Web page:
Anyway, at the risk of getting these horribly wrong..

Sunday 13 June

Algeria 1-1 Slovenia (a tight game with rubbish defending exposed, please)
Germany 1-0 Australia (Germany very lucky to nick one from a wicked rebound after Schwarzer locks them out for most of the game)
Serbia 2-3 Ghana (a proper knockabout end-to-end game at last?)

Picking a winner

This week two things started properly. One was the Labour Leadership elections, with five candidate qualifying for the final round. Alas, John McDonnell didn’t make it, but at least people stopped nominating Millibands for the other two to get in. I’ve yet to decide who to support. I would put Diane Abbott in as my no1, but my girlfriend has told me I’m not allowed to (so much for sistahood, eh?). All I know is that Balls is no5 in my book and nothing’s likely to change that unless it turns out that Andy Burnham is even worse.

But for now we have the really important competition down in South Africa. This time I will be backing seven teams in the World Cup:

England
USA (Clint Dempsey & Carlos Bocanegra)
South Africa (Kagisho Dikgacoi)
Nigeria (Dickson Etuhu)
Ghana (John Paintsil)
Australia (Mark Schwarzer)
Japan (Junichi Inamoto)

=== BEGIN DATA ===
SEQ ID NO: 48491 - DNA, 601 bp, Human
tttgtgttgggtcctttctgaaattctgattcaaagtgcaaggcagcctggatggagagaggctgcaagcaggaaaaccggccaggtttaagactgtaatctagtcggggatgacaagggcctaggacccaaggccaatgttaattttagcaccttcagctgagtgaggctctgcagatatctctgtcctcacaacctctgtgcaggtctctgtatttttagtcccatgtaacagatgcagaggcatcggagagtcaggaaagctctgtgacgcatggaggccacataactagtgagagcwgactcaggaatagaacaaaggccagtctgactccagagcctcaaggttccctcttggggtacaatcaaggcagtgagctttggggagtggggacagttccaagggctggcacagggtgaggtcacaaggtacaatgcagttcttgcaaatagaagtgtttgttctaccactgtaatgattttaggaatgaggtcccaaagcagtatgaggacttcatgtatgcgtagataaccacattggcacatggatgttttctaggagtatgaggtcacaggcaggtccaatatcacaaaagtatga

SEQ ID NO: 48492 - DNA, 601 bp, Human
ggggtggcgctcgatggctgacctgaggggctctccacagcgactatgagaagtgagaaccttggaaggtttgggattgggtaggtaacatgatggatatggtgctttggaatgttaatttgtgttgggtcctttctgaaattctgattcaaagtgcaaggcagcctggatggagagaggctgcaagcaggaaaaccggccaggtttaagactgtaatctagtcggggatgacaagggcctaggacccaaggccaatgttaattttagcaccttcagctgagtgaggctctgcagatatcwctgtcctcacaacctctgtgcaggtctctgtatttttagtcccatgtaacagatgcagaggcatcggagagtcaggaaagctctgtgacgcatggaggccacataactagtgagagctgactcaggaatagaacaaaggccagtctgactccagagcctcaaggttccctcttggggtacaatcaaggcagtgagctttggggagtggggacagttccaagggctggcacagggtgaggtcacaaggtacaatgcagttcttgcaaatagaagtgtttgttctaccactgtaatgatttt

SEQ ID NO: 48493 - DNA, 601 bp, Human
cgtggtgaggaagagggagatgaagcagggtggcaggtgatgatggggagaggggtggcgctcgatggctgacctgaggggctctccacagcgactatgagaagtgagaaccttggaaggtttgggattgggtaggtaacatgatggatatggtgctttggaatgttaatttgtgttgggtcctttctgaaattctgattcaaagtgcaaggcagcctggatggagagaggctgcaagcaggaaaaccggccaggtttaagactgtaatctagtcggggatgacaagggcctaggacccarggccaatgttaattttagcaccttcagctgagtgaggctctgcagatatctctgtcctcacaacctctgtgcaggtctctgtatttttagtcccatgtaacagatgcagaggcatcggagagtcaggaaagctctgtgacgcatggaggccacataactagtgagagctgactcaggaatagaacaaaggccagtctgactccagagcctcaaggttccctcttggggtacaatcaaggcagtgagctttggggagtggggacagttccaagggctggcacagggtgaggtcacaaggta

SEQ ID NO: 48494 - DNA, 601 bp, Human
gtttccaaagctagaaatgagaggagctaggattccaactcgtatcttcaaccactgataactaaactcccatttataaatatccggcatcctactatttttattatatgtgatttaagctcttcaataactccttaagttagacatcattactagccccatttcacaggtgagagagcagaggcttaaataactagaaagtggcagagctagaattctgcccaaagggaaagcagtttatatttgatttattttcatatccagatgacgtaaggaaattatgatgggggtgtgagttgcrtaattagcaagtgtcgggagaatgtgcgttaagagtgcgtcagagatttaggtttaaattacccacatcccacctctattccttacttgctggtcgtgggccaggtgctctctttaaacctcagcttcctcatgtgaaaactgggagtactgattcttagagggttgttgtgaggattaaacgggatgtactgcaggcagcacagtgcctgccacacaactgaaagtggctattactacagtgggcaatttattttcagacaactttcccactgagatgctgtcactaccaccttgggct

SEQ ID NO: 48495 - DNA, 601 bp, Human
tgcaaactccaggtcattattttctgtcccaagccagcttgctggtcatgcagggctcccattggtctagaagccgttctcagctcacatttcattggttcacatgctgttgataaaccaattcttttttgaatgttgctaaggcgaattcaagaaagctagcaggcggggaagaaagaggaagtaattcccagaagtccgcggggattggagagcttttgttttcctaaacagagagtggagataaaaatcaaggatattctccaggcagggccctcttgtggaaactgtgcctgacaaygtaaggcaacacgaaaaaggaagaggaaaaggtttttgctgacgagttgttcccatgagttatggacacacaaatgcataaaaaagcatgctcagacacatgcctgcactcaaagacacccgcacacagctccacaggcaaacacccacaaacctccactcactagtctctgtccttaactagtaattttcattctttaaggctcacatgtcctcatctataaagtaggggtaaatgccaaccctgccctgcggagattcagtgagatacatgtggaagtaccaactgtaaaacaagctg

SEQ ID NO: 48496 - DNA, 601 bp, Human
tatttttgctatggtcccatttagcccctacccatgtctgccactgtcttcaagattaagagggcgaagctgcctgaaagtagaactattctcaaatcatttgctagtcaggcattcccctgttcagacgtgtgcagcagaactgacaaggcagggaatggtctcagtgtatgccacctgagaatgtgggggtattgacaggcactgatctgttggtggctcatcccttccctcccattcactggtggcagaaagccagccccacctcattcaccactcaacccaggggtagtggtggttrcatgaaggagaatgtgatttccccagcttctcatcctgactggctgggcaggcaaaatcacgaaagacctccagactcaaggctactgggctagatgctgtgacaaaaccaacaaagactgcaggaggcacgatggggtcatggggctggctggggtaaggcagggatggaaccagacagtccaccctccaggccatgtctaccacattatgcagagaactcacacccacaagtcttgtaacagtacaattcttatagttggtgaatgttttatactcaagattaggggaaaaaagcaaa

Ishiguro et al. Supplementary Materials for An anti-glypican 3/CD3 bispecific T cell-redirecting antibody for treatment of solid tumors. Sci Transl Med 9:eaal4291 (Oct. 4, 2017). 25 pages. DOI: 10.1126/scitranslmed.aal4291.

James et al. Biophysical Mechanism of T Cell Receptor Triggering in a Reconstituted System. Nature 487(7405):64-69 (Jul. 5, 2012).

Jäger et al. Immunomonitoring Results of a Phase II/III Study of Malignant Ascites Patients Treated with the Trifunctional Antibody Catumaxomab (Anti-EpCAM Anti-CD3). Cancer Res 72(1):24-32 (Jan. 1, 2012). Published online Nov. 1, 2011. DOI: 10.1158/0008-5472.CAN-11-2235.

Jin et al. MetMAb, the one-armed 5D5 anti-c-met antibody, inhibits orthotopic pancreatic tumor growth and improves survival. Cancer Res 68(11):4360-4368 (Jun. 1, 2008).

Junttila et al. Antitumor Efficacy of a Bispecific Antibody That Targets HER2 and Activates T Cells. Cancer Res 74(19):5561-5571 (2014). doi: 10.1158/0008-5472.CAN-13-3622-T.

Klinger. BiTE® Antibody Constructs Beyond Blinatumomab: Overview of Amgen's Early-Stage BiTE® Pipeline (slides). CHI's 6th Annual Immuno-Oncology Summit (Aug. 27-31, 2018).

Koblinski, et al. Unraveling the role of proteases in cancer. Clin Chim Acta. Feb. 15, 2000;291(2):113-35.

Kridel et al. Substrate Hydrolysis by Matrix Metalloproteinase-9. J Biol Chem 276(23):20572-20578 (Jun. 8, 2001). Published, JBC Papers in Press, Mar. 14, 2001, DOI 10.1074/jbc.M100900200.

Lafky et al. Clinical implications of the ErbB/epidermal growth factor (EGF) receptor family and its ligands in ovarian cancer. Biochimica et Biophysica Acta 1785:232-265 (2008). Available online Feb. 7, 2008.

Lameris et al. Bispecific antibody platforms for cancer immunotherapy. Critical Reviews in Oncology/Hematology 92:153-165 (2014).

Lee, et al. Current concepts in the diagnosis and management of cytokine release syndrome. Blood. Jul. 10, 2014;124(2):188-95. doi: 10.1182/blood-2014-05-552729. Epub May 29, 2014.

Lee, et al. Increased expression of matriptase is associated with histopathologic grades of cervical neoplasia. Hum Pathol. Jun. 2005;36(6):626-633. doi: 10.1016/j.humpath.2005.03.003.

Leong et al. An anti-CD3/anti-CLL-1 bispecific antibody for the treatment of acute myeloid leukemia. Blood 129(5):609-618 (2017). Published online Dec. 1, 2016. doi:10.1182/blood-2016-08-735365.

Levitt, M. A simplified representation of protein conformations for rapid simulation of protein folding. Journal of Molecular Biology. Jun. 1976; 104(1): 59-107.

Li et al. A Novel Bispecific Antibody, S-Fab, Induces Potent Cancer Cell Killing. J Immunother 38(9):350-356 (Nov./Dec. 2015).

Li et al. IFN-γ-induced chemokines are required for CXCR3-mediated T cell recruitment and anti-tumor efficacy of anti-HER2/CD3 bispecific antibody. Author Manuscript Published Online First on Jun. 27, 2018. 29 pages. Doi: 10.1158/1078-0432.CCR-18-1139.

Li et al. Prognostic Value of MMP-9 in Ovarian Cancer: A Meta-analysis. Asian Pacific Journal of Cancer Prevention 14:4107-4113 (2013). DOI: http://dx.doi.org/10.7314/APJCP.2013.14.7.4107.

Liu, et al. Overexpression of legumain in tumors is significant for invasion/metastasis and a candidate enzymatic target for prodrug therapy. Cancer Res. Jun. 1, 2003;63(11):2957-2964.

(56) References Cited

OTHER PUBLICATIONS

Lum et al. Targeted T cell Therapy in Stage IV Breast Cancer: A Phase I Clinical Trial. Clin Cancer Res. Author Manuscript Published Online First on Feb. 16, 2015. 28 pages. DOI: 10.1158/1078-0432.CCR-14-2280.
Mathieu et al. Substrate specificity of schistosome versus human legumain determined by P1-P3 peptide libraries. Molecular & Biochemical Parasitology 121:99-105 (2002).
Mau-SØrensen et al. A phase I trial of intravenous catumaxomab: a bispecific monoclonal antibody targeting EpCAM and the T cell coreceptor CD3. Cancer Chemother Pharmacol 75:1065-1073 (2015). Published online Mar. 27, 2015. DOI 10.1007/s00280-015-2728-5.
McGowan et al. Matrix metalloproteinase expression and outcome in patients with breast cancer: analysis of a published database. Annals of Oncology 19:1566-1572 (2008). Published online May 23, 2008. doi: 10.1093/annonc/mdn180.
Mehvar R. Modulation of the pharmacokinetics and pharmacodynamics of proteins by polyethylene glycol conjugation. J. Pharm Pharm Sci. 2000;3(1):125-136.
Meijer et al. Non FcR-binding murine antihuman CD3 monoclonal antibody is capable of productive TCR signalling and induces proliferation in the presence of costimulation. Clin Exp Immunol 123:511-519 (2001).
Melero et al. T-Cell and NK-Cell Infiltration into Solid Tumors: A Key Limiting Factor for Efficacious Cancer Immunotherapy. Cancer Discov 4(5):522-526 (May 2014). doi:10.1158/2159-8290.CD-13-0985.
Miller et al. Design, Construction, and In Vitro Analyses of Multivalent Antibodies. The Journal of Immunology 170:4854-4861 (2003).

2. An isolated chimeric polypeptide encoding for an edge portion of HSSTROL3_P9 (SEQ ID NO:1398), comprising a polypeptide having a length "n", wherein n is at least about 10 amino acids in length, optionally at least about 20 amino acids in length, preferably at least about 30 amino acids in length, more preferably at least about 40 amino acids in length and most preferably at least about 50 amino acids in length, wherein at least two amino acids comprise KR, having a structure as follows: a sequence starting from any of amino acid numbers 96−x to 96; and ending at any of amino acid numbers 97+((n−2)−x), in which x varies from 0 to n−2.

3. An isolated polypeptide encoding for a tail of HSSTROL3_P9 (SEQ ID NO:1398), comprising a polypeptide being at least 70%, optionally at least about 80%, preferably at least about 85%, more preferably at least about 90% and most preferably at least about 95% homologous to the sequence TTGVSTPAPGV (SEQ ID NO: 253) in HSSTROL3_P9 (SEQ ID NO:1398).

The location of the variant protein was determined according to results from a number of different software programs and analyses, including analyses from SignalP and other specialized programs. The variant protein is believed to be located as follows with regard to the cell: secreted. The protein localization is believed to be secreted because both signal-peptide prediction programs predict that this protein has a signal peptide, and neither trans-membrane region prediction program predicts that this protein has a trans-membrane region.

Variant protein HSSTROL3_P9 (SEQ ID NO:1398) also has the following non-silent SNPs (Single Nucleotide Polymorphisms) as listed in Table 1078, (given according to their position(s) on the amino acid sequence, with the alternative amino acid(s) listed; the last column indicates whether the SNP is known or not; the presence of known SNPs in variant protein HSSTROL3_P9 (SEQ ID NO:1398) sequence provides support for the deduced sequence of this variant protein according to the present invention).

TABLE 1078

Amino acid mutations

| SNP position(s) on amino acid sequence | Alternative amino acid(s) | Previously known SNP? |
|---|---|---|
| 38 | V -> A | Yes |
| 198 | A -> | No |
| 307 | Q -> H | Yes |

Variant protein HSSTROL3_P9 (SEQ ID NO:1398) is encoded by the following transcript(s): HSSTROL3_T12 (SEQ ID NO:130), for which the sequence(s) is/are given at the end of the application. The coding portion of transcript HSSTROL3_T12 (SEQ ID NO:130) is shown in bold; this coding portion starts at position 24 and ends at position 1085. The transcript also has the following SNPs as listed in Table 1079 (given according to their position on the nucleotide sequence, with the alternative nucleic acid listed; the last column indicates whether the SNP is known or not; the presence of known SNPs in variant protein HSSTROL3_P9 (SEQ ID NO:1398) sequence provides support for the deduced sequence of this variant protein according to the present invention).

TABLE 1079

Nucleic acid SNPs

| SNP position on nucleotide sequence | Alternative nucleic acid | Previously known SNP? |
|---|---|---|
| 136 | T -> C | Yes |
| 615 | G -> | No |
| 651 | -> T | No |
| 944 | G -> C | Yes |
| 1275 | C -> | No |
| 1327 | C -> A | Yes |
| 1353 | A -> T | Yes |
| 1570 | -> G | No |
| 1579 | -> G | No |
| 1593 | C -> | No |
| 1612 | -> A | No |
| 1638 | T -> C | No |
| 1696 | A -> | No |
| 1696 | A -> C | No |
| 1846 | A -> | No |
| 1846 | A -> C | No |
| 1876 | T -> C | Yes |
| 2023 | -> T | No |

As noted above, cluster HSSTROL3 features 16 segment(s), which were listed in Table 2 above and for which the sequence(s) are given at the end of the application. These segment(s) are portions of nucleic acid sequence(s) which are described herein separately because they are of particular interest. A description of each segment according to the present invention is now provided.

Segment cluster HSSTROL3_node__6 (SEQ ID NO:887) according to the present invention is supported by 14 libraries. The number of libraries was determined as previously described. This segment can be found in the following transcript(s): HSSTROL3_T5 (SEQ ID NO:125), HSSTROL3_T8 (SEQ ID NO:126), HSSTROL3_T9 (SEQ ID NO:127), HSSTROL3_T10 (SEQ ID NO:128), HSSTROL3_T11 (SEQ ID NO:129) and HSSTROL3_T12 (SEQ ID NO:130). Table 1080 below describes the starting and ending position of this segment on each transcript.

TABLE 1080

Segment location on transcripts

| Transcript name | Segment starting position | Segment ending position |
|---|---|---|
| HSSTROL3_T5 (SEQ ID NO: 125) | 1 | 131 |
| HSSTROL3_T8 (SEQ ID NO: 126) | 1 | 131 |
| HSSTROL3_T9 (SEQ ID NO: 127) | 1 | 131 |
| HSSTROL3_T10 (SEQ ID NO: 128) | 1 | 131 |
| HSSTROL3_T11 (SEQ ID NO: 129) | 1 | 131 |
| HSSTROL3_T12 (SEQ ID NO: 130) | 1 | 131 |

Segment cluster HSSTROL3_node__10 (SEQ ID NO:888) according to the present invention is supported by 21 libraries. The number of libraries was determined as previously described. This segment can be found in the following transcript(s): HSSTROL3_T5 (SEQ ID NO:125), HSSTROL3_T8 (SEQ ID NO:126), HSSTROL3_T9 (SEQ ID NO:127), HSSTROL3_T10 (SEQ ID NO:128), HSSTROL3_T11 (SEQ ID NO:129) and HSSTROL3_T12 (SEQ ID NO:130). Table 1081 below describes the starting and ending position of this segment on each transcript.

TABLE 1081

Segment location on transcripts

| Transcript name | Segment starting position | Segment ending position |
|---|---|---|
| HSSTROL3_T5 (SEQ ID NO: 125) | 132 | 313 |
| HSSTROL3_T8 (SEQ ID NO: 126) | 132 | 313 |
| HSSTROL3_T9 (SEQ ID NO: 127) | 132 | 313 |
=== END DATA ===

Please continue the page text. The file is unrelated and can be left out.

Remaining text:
Obviously England are the main team I’ll be supporting. Not with silly flags or by wearing the shirt, let alone with face paint, but in the time-honoured tradition of watching them on the telly with beers in hand. But all of the others have current or past Fulham players in their squads, so I’d want to see them progress. Besides, Ghana and Australia doing well means Germany doing badly, Nigeria are up against Argentina and South Africa are in a group with France so that’s the main rivals covered. None of those teams are ones that I wouldn’t want to see do well anyway, they are all reasonable footballing sides, with a fair amount of underdog status.

If Fulham had a Uruguayan or Italian international I’d have been mightily torn between backing a Whites player and my loathing of negative sides that cheat their way through. When England play the USA tomorrow I certainly want England to win, if for nothing else other than to shut the Yanks up about 1950. But as long as England look good to get through the group, I will want the Americans to do well against Slovenia and Algeria before shockingly putting the Germans out in Round 2.

I’ll be keeping an eye on the games where Whites players feature. I was at work for the opening game of the tournament, which saw Dikgacoi in action against Mexico, so I am reliant on the highlights and web-reports. 1-1 is a good result for the hosts, and while they were lucky not to concede in the first half they could have nicked the game at the end. The Mexicans are usually a very good side, and are often underestimated at the World Cup. They’ve have made it to the knockout rounds in the last four tournaments, and each time fallen at the first hurdle.

Our lad Kagisho made his mark on the game: booked midway through the first half for fouling the rampant Giovani, failing to convert a headed corner at the end of the first half, and then being involved in the build up play for the South Africa goal in the second half.